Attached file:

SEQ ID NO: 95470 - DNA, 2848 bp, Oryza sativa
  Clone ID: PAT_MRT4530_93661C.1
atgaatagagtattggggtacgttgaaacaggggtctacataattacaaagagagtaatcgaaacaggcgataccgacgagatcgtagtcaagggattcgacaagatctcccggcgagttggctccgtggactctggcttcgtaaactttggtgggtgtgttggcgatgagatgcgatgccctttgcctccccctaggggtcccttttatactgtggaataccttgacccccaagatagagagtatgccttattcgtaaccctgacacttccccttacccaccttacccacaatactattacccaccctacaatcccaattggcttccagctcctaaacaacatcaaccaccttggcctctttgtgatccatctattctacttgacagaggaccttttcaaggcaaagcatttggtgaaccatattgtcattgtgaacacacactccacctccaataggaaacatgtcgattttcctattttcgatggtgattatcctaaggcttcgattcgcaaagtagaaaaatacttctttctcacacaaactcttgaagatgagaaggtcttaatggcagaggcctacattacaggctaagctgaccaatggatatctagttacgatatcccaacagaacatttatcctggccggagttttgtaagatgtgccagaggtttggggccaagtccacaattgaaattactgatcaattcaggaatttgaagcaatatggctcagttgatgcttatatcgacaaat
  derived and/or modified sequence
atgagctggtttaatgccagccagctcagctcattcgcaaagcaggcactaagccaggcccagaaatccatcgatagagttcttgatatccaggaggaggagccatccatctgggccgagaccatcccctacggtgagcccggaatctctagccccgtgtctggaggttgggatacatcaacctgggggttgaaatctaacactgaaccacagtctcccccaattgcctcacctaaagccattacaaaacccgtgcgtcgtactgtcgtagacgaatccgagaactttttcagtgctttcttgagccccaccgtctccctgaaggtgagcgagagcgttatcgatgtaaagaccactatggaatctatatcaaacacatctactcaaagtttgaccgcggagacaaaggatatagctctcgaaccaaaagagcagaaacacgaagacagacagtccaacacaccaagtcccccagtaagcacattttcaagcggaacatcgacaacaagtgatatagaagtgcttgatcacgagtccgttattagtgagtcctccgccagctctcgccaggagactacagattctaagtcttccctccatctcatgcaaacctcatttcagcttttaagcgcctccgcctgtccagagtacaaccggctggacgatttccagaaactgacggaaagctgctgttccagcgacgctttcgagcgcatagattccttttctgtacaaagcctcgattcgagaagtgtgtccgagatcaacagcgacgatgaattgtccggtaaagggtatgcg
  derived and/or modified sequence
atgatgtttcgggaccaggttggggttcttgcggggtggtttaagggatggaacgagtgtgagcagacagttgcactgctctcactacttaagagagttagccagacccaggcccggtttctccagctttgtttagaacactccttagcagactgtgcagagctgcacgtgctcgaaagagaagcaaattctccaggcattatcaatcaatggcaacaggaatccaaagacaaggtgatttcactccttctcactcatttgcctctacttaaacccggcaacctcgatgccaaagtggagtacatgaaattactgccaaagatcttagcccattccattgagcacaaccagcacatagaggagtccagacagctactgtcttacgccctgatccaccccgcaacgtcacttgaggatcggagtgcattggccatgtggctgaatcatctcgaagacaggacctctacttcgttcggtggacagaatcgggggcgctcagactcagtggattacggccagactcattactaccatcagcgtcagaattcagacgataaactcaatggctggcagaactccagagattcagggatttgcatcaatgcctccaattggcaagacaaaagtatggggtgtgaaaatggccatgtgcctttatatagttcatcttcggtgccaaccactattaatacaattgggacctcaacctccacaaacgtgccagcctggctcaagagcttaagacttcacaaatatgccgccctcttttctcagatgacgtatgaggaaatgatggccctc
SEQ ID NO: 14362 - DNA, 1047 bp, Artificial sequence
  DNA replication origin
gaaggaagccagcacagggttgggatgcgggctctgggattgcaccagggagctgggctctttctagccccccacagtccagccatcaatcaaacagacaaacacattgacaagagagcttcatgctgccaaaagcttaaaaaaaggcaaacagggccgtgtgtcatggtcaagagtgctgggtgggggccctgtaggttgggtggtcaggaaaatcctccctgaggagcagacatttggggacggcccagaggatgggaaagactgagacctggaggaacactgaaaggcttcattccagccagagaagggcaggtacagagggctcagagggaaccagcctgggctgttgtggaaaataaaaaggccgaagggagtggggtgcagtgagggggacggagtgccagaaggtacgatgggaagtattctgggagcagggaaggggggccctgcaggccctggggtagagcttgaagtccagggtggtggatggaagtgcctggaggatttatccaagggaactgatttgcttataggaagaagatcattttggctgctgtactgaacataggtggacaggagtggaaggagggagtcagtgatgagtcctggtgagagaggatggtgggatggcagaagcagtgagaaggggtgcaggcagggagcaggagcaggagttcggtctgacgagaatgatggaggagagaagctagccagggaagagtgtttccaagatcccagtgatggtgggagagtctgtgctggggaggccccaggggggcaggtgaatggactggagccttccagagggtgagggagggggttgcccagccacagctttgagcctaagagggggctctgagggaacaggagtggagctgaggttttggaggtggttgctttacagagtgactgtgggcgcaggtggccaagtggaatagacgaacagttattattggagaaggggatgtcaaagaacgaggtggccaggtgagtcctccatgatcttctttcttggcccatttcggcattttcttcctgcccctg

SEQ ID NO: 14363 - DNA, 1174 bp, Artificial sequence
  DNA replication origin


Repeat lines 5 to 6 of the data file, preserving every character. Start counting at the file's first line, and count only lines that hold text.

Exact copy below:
atgagctggtttaatgccagccagctcagctcattcgcaaagcaggcactaagccaggcccagaaatccatcgatagagttcttgatatccaggaggaggagccatccatctgggccgagaccatcccctacggtgagcccggaatctctagccccgtgtctggaggttgggatacatcaacctgggggttgaaatctaacactgaaccacagtctcccccaattgcctcacctaaagccattacaaaacccgtgcgtcgtactgtcgtagacgaatccgagaactttttcagtgctttcttgagccccaccgtctccctgaaggtgagcgagagcgttatcgatgtaaagaccactatggaatctatatcaaacacatctactcaaagtttgaccgcggagacaaaggatatagctctcgaaccaaaagagcagaaacacgaagacagacagtccaacacaccaagtcccccagtaagcacattttcaagcggaacatcgacaacaagtgatatagaagtgcttgatcacgagtccgttattagtgagtcctccgccagctctcgccaggagactacagattctaagtcttccctccatctcatgcaaacctcatttcagcttttaagcgcctccgcctgtccagagtacaaccggctggacgatttccagaaactgacggaaagctgctgttccagcgacgctttcgagcgcatagattccttttctgtacaaagcctcgattcgagaagtgtgtccgagatcaacagcgacgatgaattgtccggtaaagggtatgcg
  derived and/or modified sequence